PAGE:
DSA should dramatically expand our training capacity, with a goal of training 5,000 member organizers across the country’s chapters. These members would be trained in the fundamentals of relational organizing, identifying and developing leadership, building a strong chapter structure, and engaging in strategic coalition work and recruitment. They would also be given a basic introduction to key concepts of political education and socialist theory, so they can participate on a more equal footing with fellow members and more experienced leftists, and can develop strategy and orientation that makes sense for their context
DSA should take serious, concrete steps toward becoming a truly representative, working class organization. At the moment, our membership is predominantly White, and disproportionately made up of what might be characterized as the downwardly mobile middle class. This is but one section of the working class that we must organize if we are to be effective, and we must be able to listen closely and speak resonantly to the working class that we know to be the crucial agent of revolutionary change. We recognize that the struggle to organize across ethnic and racial divisions, and in a way that dismantles the patriarchy and racism that shows up within our communities, is among the most difficult challenges that the left has faced across generations. We want DSA to dedicate itself seriously to addressing the challenges of building multi-racial working class solidarity, in a way that is respectful of different communities’ histories and struggles, while also building an internal culture capable of effecting personal and collective transformation and interdependence. We propose to engage in a deliberate process to identify strategies that make sense at the chapter level to attempt to become more deeply rooted in and representative of the composition of the working class.
DSA should expand on and develop the ‘mobilizer’ system that has been initiated by the NYC and Philadelphia chapters, and help it spread nationally. As an organization committed to radical democracy and collective power, we need structures and deep relationships to live our values and harness our members’ power at the scale of our aspirations. The mobilizer model will work towards ensuring that for every ten members of the organization, there is a volunteer-organizer (‘mobilizer’) whose primary job is to build relationships, welcome new members to the organization, deepen their engagement in ways that make sense for them, and ensure the retention of our expanded but less-connected new base.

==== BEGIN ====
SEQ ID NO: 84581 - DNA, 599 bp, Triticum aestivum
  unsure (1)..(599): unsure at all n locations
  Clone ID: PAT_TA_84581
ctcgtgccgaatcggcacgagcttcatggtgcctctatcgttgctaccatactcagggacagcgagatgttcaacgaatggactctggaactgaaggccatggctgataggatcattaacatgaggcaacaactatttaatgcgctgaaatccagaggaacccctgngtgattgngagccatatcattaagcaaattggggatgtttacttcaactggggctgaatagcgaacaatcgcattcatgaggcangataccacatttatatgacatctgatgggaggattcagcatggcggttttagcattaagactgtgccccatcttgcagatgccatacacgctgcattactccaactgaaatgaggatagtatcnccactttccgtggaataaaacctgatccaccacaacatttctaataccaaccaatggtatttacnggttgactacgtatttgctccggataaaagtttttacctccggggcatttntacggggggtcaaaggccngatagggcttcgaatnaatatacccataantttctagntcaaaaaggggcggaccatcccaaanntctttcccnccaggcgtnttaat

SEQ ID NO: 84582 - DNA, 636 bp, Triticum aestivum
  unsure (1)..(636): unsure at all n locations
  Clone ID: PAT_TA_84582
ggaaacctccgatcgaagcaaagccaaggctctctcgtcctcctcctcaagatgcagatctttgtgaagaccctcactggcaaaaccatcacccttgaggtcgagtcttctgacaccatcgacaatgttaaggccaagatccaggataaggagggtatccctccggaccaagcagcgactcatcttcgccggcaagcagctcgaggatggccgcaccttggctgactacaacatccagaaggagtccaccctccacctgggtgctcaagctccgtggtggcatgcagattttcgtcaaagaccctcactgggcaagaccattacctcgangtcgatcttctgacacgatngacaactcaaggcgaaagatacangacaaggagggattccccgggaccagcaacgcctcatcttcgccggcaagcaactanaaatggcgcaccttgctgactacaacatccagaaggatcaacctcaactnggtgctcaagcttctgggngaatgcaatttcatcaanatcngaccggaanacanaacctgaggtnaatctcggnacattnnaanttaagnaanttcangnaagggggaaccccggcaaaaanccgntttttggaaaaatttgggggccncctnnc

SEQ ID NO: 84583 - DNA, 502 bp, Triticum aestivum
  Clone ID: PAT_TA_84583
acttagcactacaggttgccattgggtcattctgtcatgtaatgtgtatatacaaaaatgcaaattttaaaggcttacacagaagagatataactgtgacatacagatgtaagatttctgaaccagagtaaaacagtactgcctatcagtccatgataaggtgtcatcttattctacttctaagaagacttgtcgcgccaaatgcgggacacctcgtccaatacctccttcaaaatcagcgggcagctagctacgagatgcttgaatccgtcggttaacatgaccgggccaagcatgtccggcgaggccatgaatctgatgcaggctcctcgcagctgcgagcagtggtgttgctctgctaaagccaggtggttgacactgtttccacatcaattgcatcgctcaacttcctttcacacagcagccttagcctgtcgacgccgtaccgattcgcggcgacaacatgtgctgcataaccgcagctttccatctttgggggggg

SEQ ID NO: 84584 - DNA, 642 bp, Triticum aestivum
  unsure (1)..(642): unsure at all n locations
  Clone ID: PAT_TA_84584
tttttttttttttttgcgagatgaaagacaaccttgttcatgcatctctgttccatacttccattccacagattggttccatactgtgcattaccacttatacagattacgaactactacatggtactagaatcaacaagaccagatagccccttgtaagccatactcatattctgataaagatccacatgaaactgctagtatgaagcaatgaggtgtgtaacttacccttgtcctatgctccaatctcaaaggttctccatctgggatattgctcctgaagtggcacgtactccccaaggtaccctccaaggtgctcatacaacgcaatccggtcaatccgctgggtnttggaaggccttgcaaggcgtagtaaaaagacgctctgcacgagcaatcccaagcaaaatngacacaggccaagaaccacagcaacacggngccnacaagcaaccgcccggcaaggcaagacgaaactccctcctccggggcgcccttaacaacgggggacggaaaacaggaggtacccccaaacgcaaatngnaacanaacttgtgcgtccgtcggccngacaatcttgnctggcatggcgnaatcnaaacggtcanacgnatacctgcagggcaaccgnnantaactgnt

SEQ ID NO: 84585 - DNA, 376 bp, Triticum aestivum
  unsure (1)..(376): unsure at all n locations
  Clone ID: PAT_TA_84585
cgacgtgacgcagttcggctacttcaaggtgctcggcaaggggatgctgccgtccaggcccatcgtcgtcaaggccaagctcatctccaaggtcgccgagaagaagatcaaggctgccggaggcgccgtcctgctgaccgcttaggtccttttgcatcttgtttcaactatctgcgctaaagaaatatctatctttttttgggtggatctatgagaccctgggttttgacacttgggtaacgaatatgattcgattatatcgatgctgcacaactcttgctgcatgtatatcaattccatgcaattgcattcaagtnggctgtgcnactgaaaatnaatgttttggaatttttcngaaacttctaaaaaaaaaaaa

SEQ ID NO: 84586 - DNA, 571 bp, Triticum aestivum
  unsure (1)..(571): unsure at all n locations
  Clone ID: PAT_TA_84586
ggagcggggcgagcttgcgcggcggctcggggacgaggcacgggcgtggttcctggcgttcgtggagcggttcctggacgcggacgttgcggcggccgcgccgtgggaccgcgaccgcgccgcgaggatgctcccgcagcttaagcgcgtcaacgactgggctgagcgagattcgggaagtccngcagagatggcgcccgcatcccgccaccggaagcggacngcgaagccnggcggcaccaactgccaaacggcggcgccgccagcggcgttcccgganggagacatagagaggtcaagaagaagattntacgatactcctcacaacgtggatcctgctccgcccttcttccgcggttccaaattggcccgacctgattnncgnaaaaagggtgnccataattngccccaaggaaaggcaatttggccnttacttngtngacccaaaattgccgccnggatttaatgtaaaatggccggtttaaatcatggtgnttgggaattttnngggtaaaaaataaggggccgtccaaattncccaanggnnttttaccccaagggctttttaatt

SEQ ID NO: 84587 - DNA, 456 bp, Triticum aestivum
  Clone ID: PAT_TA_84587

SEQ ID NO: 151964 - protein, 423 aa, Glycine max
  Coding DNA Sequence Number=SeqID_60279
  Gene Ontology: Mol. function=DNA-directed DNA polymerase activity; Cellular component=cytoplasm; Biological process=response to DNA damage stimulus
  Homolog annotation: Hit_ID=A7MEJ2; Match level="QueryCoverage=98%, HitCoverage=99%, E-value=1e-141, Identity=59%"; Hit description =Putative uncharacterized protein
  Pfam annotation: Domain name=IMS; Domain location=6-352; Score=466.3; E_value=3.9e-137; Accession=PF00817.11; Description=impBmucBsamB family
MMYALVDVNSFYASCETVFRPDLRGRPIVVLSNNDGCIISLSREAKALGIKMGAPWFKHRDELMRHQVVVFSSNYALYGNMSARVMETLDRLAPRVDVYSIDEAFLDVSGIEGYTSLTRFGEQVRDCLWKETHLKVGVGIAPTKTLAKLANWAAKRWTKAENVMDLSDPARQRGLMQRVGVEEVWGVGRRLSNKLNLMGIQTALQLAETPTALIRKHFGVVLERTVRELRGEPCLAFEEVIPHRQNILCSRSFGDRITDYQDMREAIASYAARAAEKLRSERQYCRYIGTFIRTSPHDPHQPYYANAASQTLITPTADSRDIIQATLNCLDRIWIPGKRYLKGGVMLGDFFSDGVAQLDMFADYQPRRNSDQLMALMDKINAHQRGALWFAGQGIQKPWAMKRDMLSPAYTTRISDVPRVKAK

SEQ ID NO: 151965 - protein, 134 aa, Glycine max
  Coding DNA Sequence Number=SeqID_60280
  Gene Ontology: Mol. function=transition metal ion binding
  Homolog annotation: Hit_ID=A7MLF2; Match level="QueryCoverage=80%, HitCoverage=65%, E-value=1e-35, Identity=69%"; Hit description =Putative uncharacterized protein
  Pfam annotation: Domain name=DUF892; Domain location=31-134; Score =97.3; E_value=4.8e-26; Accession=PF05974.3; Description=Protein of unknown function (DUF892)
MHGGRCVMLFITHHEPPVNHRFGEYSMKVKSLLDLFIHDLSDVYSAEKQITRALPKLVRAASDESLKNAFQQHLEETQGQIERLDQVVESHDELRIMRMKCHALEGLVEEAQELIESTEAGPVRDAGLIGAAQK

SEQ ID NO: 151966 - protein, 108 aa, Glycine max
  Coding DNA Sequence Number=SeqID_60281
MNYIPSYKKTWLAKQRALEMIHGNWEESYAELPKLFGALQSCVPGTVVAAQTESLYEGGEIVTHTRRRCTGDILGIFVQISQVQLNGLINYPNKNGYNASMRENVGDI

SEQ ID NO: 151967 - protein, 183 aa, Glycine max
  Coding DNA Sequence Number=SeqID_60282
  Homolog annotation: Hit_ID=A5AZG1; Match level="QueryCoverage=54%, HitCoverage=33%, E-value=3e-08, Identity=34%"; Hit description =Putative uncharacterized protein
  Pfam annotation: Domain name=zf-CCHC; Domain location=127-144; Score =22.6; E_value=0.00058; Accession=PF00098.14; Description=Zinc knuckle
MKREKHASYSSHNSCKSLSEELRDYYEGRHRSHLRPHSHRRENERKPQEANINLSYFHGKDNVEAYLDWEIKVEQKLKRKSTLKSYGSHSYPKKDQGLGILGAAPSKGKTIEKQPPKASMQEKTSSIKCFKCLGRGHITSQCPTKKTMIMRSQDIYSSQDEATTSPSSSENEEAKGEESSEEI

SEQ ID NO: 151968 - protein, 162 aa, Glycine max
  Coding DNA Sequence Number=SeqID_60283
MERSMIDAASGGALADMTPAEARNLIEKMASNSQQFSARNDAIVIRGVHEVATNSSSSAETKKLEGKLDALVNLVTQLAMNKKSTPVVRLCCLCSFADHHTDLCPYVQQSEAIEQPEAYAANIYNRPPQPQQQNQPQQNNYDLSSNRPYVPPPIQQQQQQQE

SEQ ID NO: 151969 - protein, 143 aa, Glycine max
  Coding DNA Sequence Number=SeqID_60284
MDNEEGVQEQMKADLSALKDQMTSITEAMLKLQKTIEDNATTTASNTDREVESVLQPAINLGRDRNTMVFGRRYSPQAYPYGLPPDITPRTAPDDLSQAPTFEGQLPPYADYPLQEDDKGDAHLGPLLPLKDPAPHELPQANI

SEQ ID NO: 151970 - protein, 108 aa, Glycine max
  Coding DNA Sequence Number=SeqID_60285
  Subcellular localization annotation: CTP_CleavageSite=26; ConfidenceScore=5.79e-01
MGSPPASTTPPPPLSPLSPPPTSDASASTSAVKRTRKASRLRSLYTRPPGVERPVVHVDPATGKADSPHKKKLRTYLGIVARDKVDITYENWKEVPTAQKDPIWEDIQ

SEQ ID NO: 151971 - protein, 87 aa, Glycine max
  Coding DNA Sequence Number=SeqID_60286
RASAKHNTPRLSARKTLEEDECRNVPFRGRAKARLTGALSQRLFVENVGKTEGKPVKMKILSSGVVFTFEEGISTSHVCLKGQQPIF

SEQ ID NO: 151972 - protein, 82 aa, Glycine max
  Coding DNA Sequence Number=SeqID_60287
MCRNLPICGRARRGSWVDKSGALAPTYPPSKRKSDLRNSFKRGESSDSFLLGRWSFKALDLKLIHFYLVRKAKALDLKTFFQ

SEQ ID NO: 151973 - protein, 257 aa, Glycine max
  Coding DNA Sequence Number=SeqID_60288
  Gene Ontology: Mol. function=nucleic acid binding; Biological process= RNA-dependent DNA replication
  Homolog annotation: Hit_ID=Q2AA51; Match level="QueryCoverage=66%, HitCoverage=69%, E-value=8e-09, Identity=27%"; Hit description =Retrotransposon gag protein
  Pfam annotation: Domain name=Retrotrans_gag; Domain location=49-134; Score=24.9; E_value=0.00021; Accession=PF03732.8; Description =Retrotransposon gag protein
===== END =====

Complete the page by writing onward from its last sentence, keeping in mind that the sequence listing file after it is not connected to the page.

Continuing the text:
DSA should develop a base within our membership and across the organization that can meaningfully participate in workplace and sectoral organizing. All successful socialist organizations have engaged deeply in the critical work of building worker power on the shop floor (and in the best cases also in the fields, and among the domestic workforce), and within the structures and institutions of US industry. At a time when the labor movement’s survival cannot be taken for granted it is our responsibility, and a critical opportunity, for DSA to engage in helping build worker power across our chapters. We propose to expand the capacity to train chapter members as workplace organizers, to develop and deepen the membership’s political perspective and strategic thinking on workplace organizing, and to begin building connections among communities of workers based on industry sector. These communities can form the basis for meaningful interventions in workplace organizing.
Dues & Money
If DSA is to keep faith with the hopes raised by its growth in membership, we will need to raise the funds to develop, extend and deepen our organization at all levels. At a minimum, an amendment to allow for monthly dues- annual dues are currently mandated in the constitution- and giving the NPC some flexibility in developing dues and financial management systems is a no-brainer.
Beyond that, the following are several general principles and specific possibilities that the members of this slate agree on:
We advise that the convention keep it simple in terms of any resolutions passed regarding money. We should not be mandating specific amounts or revenue sharing or fundraising practices that would tie the hands of the future NPC, which needs time and flexibility to restructure DSA’s financial systems and staff to respond to our growth and create robust projections for future years' income based on the discussions at convention.
We strongly support a clear mandate that the national organization is the conduit to direct resources to our rural/small town/red state chapters, without which we’re just another coastal organization treading the same ground.
We believe that any change to our dues structure should be made at the point of renewal; that these changes should provide straight forward options; that income based dues, annual payment and automatic deductions should remain optional should remain optional for the term of the current NPC.
We recommend specific fundraising campaigns for specific projects: e.g. a Legal Defense Fund.
Finally, we believe that one of the first priorities of the new NPC is to grapple with the immediate need to design and carry out a Dues Renewal Campaign among our members. This would entail, at a minimum, ensuring we have
A robust, easy to understandable monthly dues options
A communication plan with locals to coordinate renewal calls
Adequate additional staff to run a coordinated, strong campaign
Coordinate with our Media and Social Media groups to create the materials required to show our members how much we have accomplished in just one year.
DSA should be good at internationalism.